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Tomorrow’s Argument in Deck v. Missouri

In 1998, petitioner Carman Deck was convicted of, inter alia, two counts of first-degree murder and was sentenced to death. After his convictions and sentence were affirmed on direct appeal, Deck sought state post-conviction relief on the ground that his trial counsel had been ineffective at sentencing. In 2002, the Missouri Supreme Court agreed and vacated his sentence.

Deck’s resentencing proceedings began in 2003. On the first day of those proceedings, Deck was led into the courtroom wearing legirons and handcuffed to a belly chain. Contending that the restraints were prejudicial, Deck’s counsel immediately objected and offered a variety of alternatives to the use of visible restraints, but his objections were overruled. At sentencing, the state presented evidence to support its contention that aggravating factors were present, while Deck presented mitigating evidence. The jury again imposed a death sentence, and Deck again appealed, arguing this time that the restraints were unconstitutional. The Missouri Supreme Court rejected his appeal, concluding that the trial court has the discretion to impose security measures to preserve order and security in the courtroom; that the record supported the use of the restraints; and that, in any event, Deck was not prejudiced by the use of the restraints.

The Court granted certiorari, and tomorrow it will consider whether the restraints violated Deck’s Sixth, Eighth, and Fourteenth Amendment rights and, if so, whether the state must show that the error was harmless beyond a reasonable doubt.

Deck relies on a trio of Supreme Court decisions – Illinois v. Allen (1970), Estelle v. Williams (1976) and Holbrook v. Flynn (1986) – in which the Court held that defendants may be restrained at trial only as a last resort and to further an essential state interest. Deck contends that this rule applies equally to the penalty phase of a capital case. In fact, Deck asserts, it is particularly important that defendants in capital cases not be unnecessarily restrained because the issue of the defendant’s “future dangerousness” if he is sentenced to life in prison is often a key issue for juries at the penalty phase. Deck then argues that if the restraints are found to be unconstitutional, the Supreme Court’s decision in Chapman v. California (1967) dictates that the state must prove beyond a reasonable doubt that the error did not contribute to the verdict. Here, Deck explains, in light of the substantial mitigating evidence that he presented, the state cannot show that the restraints were harmless.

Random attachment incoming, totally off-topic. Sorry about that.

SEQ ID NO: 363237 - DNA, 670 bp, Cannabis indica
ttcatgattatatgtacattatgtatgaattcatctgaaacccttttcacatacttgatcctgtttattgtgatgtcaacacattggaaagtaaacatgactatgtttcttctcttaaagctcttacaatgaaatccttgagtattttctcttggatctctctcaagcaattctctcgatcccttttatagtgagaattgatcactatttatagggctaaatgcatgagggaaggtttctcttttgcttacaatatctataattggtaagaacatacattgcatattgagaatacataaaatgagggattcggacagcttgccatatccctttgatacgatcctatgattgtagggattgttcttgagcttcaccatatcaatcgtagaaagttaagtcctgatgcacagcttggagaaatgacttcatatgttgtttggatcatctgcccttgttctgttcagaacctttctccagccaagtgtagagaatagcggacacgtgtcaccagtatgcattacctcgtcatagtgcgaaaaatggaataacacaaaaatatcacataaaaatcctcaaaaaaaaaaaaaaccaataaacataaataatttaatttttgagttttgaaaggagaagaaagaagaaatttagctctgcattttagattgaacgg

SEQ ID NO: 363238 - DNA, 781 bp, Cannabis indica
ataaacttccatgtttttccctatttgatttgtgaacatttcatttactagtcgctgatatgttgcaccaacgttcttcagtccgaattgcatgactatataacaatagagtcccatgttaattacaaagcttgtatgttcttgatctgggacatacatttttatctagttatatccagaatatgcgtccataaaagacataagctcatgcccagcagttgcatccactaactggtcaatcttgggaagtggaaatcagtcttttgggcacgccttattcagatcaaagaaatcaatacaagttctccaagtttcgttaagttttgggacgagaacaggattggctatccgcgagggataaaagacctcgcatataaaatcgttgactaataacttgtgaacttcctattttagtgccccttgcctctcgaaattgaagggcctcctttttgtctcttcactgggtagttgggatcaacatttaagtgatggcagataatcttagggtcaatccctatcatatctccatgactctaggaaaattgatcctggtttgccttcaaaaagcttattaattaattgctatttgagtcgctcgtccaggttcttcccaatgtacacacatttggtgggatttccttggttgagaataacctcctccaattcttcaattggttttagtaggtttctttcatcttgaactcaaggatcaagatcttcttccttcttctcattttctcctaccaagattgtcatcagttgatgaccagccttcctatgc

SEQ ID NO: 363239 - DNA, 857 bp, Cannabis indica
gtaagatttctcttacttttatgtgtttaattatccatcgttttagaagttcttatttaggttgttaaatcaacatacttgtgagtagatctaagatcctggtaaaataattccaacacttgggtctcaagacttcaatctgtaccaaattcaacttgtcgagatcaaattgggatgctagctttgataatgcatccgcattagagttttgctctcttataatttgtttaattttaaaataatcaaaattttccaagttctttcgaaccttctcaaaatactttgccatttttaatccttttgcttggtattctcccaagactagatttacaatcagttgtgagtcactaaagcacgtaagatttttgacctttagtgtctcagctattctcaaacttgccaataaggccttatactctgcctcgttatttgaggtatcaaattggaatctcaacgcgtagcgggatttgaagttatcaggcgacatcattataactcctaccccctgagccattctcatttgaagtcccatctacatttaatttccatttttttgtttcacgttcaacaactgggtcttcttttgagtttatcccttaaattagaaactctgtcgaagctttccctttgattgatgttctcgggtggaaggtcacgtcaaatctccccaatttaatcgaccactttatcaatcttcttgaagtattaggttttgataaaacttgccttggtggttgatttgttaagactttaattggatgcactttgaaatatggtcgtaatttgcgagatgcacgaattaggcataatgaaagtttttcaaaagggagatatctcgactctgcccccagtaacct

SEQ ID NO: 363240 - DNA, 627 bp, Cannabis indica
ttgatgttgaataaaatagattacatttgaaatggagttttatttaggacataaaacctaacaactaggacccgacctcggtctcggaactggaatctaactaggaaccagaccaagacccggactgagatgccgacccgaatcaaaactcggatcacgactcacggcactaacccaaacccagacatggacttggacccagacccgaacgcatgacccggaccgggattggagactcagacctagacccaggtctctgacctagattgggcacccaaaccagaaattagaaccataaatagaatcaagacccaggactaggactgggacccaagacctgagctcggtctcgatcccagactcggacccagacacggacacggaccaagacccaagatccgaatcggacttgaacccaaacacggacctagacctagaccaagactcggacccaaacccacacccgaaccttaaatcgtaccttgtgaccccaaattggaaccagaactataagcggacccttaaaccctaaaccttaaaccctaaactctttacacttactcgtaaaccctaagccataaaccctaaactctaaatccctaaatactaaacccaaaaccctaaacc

The state urges the Court to decline to extend its precedents governing restraints in the guilt phase of a trial to the sentencing phase of capital trials. It explains that the concern underlying those precedents was the need to avoid an adverse effect on the presumption of the defendant’s innocence, whereas a capital defendant’s guilt has already been determined by the time of the penalty phase. The state concedes that a defendant in a capital case is entitled to present both mitigating evidence to the jury and evidence to rebut any misleading information presented by the state, but it denies that the restraints were in any way misleading. Rather, the state explains, Deck was “by definition” dangerous because he had been convicted of two counts of first-degree murder. Addressing Deck’s argument that the restraints may negatively affect the jury’s determination of future dangerousness, the state makes the creative argument that the restraints could actually help Deck’s cause by demonstrating to the jury that he would do well in a “similarly structured” prison environment. Finally, the state contends that as a general matter, there is little evidence that Deck’s sentencing was actually affected by the restraints.

Assistant Public Defendant Rosemary Percival will argue on Deck’s behalf, while the State of Missouri will be represented by Assistant Attorney General Cheryl Nield.

The parties’ merits briefs can be found here.